Devour words like they are your last meal,
words that are iron, steel. Choose them well.
Let them feed your brain, strengthen your backbone.

Eat words that become a fortress,
so the enemy does not disarm you
run contradictions around you like ropes.

Be full of clear sentences.
Be versed in the deception of flatterers.
Be filled with knowledge that
makes you the ready chess master,
anticipator of wars.

Become the god of words
so you can
lift potent proclamations
on your tongue and
throw them like javelins
that do not miss their mark.

Be ready to walk the media mind-field.
Be ready for the war of words
in a world of alternative realities,
and deconstructed histories,
where lies become truth,
and truth becomes lies.

© Althea Romeo-Mark. 2017
* Nyam-Antigua English Creol meaning “eat.”

Alternate Universes

I. Dinner

She rises early in the morning
to meditate before the driver
takes her to PiYo*

The maid rouses the children,
bathes and serves them breakfast.
A teacher gives French lessons via Skype
while the nanny stands by
to clarify IT complications.

In the afternoon,
an on-demand-chef
shows up at the front door
to transform emailed menus
into sumptuous, vegetarian meals.

There must be choices.
God forbid there are complaints.
There is a zucchini-and-leek pie,
a cauliflower and cheese casserole,
hamburger-shaped tofu-turkey
and a side-dish of vegetarian samosas.

Leftovers are dumped
or smuggled away
by the maid whose soul wails
at the sight of wasted food.

PiYo is a total-body fitness system designed to whip you into shape from head to toe. It combines the practices of Pilates and yoga to help you build strength, lose weight, increase flexibility and have a great time doing it. PiYo was created by Chalene Johnson, the founder of the Turbo Kick system.

II. Dinner

The mother rises at daybreak
to chop wood in the thicket
to tote to her yard.
Branches are bundled on her head.
Hand-hauled twigs
map zig-zag tracks
in the deep dust.

By early afternoon,
the washing is hung,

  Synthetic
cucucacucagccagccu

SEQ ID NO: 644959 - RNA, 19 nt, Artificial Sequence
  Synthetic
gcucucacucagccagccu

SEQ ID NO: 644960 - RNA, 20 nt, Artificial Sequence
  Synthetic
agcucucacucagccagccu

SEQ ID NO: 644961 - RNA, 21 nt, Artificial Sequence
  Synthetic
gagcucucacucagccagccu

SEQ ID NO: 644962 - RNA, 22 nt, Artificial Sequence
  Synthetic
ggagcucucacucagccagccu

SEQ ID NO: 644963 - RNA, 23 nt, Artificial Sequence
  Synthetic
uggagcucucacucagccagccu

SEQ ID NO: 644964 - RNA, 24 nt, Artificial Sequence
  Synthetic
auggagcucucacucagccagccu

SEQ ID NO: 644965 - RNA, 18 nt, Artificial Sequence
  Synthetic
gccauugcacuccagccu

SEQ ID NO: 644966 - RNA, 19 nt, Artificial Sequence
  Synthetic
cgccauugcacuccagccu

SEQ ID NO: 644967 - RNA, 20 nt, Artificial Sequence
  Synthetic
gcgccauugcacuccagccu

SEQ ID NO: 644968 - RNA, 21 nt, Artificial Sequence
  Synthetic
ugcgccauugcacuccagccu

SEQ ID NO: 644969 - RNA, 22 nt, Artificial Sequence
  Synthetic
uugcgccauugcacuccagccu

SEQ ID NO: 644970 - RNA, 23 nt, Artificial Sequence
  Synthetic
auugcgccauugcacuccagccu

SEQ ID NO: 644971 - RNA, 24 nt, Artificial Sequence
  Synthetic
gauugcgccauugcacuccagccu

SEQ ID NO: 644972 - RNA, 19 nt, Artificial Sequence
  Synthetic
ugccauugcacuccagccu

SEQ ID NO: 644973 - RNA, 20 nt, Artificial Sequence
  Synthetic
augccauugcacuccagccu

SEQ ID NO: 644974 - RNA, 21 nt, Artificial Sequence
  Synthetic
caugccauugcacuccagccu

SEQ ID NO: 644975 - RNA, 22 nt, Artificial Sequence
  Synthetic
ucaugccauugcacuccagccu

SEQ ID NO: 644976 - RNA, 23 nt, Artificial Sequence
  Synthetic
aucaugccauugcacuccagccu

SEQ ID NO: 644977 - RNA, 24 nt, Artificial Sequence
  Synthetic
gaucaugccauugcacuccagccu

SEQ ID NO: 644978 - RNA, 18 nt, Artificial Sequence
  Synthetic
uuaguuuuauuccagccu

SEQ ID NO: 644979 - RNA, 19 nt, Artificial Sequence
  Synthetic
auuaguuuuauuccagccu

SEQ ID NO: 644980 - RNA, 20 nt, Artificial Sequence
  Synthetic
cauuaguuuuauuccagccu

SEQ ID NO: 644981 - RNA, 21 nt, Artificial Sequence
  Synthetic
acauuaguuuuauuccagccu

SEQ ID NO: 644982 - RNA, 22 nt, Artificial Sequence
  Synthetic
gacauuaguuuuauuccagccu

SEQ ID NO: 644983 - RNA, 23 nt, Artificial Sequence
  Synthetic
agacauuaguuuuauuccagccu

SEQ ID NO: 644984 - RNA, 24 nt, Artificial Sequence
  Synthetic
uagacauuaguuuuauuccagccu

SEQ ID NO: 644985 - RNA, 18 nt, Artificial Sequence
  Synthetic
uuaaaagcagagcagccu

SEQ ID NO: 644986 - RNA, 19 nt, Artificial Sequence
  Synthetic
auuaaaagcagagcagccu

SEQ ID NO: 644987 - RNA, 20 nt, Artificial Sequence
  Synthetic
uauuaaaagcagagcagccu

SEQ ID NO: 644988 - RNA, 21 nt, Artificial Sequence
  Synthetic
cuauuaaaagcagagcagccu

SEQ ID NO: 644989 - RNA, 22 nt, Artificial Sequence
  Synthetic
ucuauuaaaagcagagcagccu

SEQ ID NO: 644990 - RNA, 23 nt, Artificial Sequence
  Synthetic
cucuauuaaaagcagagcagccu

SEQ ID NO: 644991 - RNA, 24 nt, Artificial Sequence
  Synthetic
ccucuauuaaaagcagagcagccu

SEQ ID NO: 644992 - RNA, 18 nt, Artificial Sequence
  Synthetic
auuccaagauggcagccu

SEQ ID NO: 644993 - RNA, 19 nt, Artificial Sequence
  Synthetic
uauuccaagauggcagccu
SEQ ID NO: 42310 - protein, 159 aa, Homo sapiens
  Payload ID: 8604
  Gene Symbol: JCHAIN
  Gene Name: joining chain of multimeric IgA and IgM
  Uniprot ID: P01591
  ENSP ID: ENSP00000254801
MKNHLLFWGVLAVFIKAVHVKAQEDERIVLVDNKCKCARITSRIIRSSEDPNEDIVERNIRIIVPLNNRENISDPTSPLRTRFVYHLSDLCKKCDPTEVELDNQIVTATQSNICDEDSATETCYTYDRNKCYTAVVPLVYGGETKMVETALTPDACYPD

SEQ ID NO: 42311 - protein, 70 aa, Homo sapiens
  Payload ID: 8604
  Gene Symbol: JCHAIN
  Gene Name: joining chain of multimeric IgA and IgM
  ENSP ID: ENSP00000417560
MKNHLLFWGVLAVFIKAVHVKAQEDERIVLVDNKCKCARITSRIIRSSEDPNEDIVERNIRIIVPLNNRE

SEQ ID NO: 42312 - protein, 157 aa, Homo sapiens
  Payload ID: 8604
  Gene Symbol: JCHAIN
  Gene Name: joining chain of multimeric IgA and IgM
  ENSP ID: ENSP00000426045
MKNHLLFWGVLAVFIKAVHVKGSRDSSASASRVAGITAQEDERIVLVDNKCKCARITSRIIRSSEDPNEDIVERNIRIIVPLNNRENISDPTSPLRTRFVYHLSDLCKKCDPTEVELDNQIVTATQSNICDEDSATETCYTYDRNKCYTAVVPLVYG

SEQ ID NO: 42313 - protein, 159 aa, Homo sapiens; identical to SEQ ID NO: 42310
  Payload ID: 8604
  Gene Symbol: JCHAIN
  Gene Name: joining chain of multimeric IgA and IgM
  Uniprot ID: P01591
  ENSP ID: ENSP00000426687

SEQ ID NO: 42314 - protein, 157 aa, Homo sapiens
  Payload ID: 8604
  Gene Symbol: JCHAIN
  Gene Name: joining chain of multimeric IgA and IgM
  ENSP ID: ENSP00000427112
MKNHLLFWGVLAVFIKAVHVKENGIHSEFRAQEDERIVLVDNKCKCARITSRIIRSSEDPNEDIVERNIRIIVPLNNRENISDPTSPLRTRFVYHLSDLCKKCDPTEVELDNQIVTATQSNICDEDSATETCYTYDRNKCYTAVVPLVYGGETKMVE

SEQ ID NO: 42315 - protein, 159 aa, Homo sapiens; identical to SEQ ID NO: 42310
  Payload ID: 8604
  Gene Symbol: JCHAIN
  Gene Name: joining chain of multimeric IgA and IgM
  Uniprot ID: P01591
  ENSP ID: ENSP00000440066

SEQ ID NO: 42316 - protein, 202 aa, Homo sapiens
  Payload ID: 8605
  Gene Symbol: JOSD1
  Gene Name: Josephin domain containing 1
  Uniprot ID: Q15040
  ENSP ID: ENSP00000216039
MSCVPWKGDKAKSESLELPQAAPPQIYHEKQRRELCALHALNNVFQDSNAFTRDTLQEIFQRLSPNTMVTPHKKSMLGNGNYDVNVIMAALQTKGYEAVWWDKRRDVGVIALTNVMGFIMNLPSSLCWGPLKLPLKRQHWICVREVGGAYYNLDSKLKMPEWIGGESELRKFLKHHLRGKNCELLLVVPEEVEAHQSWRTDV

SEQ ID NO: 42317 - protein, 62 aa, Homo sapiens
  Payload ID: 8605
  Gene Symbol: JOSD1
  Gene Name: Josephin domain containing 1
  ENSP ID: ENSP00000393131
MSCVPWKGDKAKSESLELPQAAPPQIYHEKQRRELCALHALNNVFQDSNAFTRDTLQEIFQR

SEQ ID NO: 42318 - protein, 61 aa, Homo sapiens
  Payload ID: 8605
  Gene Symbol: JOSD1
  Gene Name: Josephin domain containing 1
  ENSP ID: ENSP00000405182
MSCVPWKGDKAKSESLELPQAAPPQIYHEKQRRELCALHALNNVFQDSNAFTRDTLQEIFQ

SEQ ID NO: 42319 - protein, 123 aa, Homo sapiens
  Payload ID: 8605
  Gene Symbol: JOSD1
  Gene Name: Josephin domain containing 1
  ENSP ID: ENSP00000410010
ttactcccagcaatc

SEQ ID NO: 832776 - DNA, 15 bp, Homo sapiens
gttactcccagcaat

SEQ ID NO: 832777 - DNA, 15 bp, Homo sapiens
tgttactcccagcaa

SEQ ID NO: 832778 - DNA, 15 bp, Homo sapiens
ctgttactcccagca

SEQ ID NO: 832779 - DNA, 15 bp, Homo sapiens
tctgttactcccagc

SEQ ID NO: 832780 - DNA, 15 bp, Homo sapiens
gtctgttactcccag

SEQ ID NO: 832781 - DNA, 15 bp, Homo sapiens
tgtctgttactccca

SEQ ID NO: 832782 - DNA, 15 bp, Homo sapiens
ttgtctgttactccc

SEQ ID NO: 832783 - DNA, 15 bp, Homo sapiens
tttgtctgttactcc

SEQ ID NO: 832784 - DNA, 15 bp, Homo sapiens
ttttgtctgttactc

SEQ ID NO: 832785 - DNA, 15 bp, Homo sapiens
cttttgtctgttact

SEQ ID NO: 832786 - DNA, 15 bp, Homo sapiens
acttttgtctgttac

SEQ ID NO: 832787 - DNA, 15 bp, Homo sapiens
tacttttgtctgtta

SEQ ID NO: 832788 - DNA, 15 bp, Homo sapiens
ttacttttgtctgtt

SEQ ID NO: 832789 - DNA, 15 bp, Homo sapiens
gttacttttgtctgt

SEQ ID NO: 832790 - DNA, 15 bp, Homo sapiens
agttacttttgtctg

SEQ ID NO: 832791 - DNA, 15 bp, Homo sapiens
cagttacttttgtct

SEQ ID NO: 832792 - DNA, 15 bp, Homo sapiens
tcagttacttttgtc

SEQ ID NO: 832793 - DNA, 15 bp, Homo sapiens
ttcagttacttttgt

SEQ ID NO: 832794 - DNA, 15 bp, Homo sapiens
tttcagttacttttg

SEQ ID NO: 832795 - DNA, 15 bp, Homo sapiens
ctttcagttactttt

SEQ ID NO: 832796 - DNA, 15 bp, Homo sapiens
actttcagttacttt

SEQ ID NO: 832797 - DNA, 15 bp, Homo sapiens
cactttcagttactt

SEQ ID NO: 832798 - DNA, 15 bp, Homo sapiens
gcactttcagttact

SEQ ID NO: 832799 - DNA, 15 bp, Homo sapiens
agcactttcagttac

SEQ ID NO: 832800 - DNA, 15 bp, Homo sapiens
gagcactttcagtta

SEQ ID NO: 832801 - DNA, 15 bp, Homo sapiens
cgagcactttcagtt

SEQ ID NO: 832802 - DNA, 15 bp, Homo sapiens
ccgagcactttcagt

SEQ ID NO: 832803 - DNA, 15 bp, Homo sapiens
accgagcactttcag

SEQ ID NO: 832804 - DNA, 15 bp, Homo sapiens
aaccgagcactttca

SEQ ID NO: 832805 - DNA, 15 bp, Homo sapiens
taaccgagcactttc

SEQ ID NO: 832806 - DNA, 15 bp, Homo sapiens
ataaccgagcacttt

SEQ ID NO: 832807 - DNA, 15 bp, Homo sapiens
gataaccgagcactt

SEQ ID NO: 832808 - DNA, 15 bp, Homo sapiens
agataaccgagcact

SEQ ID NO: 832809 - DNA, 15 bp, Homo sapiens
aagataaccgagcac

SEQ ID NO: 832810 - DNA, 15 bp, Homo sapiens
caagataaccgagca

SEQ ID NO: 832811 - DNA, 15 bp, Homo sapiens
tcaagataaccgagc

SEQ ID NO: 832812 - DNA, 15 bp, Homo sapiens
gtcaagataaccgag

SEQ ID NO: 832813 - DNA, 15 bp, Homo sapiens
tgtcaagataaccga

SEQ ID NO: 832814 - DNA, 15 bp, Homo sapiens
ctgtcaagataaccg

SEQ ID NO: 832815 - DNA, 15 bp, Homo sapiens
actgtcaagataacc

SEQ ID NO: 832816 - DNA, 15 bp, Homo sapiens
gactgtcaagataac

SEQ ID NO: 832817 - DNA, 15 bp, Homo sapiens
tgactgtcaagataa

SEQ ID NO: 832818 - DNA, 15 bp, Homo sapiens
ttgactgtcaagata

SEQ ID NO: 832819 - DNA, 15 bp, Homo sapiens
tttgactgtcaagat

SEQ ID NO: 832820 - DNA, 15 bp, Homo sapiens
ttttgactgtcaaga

sun-dried and folded.
Children, home from the school-hut,
peel yams and eddoes*
drizzle them with lime juice.
Mother balls cornmeal
and flour dumplings in her hands.

The caught country chicken*,
scalded and plucked,
boils in a Maggi-cube soup.
Provisions* and dumplings
are dropped into the pot,
plop, plop, plop.

Nobody complains
that the chicken claws are scrawny.
Nobody complains
about the toughness of thighs.

*Eddoe or Eddo is a tropical vegetable closely related to taro(dasheen, which is primarily used for its thickened stems. It has smaller corms/stems than taro, and in all but there is an acrid taste that requires careful cooking. The young leaves can also be cooked and eaten, but (unlike taro) they have a somewhat acrid taste
*Country chicken—free-range chicken
*Provisions- used in the British Caribbean to mean vegetables
*Lime juice is sprinkled over certain vegetables (green bananas, yam) to prevent discoloring.

© Althea Romeo-Mark 2017


Photo Album and Archive: Two Tales

I. Photo Album

A journey back to a past
abandoned twenty-six years ago
has turned up gems,
that cannot be weighed
in dollars or gold.

Photographs rescued from war and pillage,
have survived many dry and rainy seasons—
the photos of family and extended families,
and a life once lived. Many are no longer around
to witness what they once owned.

II. Archive

At the local archive
that has also survived the war,
the nation’s history sits in boxes
in an abandoned factory.

Those who wish to learn of their past
are discouraged by its guardians
who suck their teeth in annoyance,
complain about the heat
and demand a bribe to search their history
and share precious knowledge.

Do they know they are guarding history
going back centuries? Do they think because
it cannot be weighed in gold, this treasure
must remain untouched and unloved
like an unwanted child?

© Althea Romeo-Mark 2017